>”Andy, why should anyone from Dublin feel the need to ‘have’ a building to ‘outstrip Cork and Belfast in terms of “vitality, confidence and prosperity.” Honestly, the fact that those two cities contain buildings that are taller than any of the capitals should not generate a feverish attempt to throw something up.”

      …couldn’t agree more. i wouldn’t back the construction of a very tall building if it wasn’t interesting and didn’t use it’s height as a primary artistic tool.

      >”Does a city hold pride by having taller buildings, just for the sake of it…how about having buildings of high design quality, architectural merit, beauty, whether they be high or low?”

      ….again, i’m in agreement. for example, the river facade of the ifsc is one of my favourite things in dublin to look at. but here’s a half-assed analogy: i’m a musician. and i, like architects, enjoy variety in my chosen art form. if i decided to write ONLY 3-minute pop songs and nothing more, i’d surely be as boring as dublin’s skyline.

      >”I agree that Dublin probably should be witnessing the construction of much taller buildings, but for reasons aside from because the ‘regional’cities are embarrassing us etc.”

      ….fair point. yes, build them for the right reasons. my point really was that if Irish cities, Belfast in-particular (ok I know its the UK but it’s got a lot in common), have no problem with erecting tall structures in their city, then what’s our problem?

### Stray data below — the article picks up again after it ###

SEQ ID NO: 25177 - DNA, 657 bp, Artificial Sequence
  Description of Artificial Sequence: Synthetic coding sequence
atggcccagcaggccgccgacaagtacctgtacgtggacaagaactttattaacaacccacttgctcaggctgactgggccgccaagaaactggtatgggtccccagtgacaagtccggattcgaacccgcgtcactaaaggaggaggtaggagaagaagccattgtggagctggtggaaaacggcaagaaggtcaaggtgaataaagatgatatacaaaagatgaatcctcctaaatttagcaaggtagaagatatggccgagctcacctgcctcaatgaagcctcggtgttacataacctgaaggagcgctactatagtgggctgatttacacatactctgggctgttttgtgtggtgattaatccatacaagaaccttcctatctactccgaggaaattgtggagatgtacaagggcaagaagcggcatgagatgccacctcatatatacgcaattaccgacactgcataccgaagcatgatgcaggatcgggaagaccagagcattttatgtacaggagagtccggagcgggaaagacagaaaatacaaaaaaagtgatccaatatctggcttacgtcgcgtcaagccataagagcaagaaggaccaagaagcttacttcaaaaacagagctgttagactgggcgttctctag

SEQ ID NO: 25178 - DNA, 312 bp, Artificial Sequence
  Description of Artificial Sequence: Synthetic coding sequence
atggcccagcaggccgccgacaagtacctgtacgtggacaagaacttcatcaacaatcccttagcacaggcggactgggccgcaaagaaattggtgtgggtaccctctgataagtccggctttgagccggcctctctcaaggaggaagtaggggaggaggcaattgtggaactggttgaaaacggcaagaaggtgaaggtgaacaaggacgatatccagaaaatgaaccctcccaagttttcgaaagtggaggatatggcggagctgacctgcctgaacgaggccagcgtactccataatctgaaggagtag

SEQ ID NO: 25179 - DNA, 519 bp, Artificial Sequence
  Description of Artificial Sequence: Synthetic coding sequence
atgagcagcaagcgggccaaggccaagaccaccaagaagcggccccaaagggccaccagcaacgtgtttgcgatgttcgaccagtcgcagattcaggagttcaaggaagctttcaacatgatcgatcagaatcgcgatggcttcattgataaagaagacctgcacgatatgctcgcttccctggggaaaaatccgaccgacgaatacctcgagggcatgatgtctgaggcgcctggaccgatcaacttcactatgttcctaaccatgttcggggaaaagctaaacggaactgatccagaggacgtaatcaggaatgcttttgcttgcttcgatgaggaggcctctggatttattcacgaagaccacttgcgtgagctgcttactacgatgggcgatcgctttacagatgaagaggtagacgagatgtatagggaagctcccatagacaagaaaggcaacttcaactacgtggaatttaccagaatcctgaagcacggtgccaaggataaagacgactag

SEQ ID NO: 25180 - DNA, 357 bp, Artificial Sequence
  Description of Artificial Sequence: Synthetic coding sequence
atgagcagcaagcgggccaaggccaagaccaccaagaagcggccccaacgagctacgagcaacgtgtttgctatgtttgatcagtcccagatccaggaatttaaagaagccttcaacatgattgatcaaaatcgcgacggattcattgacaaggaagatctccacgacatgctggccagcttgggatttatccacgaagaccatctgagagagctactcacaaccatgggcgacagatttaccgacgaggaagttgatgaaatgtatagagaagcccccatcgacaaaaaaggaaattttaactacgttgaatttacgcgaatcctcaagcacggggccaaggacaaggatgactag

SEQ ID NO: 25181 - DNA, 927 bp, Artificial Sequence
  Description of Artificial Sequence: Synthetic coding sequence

>”Dublin’s tallest (Liberty hall)was an attempt to introduce height to the city for sake’s sake and I think it is one of the most boring buildings I have seen.”

      ….ok, but maybe if they reglazed those ‘rickety’-looking windows, it’d do the building the world of good.

      >”Dublin’s vitality and confidence will not emerge from it casting jealous eyes elsewhere or by half- hearted efforts to make statements that supposedly re-affirm its status.Nothing has to be “proven”, where is the insecurity comiong from?”

      ….maybe the insecurity comes from having a mother from London and seeing with my own eyes what TRUE confidence in a city looks like.

      andy

    • #715829
      -Donnacha-
      Participant

      Andy,
      excellent reply,thanks… however the ‘insecurity’ topic- i was addressing that, not at you as an individual, but at what I considered as a general attitude towards Dublin’s architecture. It was not a personal remark.